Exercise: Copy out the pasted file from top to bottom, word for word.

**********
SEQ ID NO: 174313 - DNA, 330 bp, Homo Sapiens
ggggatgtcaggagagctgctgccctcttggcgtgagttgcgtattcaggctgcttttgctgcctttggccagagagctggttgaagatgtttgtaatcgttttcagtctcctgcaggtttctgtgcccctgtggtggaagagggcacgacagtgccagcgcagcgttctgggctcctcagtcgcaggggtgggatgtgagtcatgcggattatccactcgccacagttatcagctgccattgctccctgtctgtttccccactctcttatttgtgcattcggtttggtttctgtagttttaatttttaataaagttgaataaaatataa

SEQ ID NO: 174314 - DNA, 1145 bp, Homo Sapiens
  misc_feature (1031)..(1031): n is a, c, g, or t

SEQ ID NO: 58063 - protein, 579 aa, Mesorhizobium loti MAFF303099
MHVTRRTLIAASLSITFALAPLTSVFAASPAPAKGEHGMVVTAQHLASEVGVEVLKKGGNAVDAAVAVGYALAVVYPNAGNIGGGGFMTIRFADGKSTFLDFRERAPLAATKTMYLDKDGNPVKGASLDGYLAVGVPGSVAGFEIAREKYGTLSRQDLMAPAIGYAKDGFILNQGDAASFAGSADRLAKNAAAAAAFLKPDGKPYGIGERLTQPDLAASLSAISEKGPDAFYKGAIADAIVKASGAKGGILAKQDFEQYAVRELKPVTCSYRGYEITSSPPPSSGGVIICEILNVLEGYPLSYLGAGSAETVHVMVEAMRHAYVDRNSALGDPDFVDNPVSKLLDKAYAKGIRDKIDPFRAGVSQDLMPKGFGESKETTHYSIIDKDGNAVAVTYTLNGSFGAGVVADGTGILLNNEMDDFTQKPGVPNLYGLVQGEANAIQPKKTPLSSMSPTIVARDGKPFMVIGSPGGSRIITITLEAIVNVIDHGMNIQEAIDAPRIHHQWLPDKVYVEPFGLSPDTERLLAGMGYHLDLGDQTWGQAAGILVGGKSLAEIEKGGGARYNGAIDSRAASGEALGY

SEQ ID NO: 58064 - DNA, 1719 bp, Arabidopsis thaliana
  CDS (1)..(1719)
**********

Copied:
SEQ ID NO: 174313 - DNA, 330 bp, Homo Sapiens
ggggatgtcaggagagctgctgccctcttggcgtgagttgcgtattcaggctgcttttgctgcctttggccagagagctggttgaagatgtttgtaatcgttttcagtctcctgcaggtttctgtgcccctgtggtggaagagggcacgacagtgccagcgcagcgttctgggctcctcagtcgcaggggtgggatgtgagtcatgcggattatccactcgccacagttatcagctgccattgctccctgtctgtttccccactctcttatttgtgcattcggtttggtttctgtagttttaatttttaataaagttgaataaaatataa

SEQ ID NO: 174314 - DNA, 1145 bp, Homo Sapiens
  misc_feature (1031)..(1031): n is a, c, g, or t

SEQ ID NO: 58063 - protein, 579 aa, Mesorhizobium loti MAFF303099
MHVTRRTLIAASLSITFALAPLTSVFAASPAPAKGEHGMVVTAQHLASEVGVEVLKKGGNAVDAAVAVGYALAVVYPNAGNIGGGGFMTIRFADGKSTFLDFRERAPLAATKTMYLDKDGNPVKGASLDGYLAVGVPGSVAGFEIAREKYGTLSRQDLMAPAIGYAKDGFILNQGDAASFAGSADRLAKNAAAAAAFLKPDGKPYGIGERLTQPDLAASLSAISEKGPDAFYKGAIADAIVKASGAKGGILAKQDFEQYAVRELKPVTCSYRGYEITSSPPPSSGGVIICEILNVLEGYPLSYLGAGSAETVHVMVEAMRHAYVDRNSALGDPDFVDNPVSKLLDKAYAKGIRDKIDPFRAGVSQDLMPKGFGESKETTHYSIIDKDGNAVAVTYTLNGSFGAGVVADGTGILLNNEMDDFTQKPGVPNLYGLVQGEANAIQPKKTPLSSMSPTIVARDGKPFMVIGSPGGSRIITITLEAIVNVIDHGMNIQEAIDAPRIHHQWLPDKVYVEPFGLSPDTERLLAGMGYHLDLGDQTWGQAAGILVGGKSLAEIEKGGGARYNGAIDSRAASGEALGY

SEQ ID NO: 58064 - DNA, 1719 bp, Arabidopsis thaliana
  CDS (1)..(1719)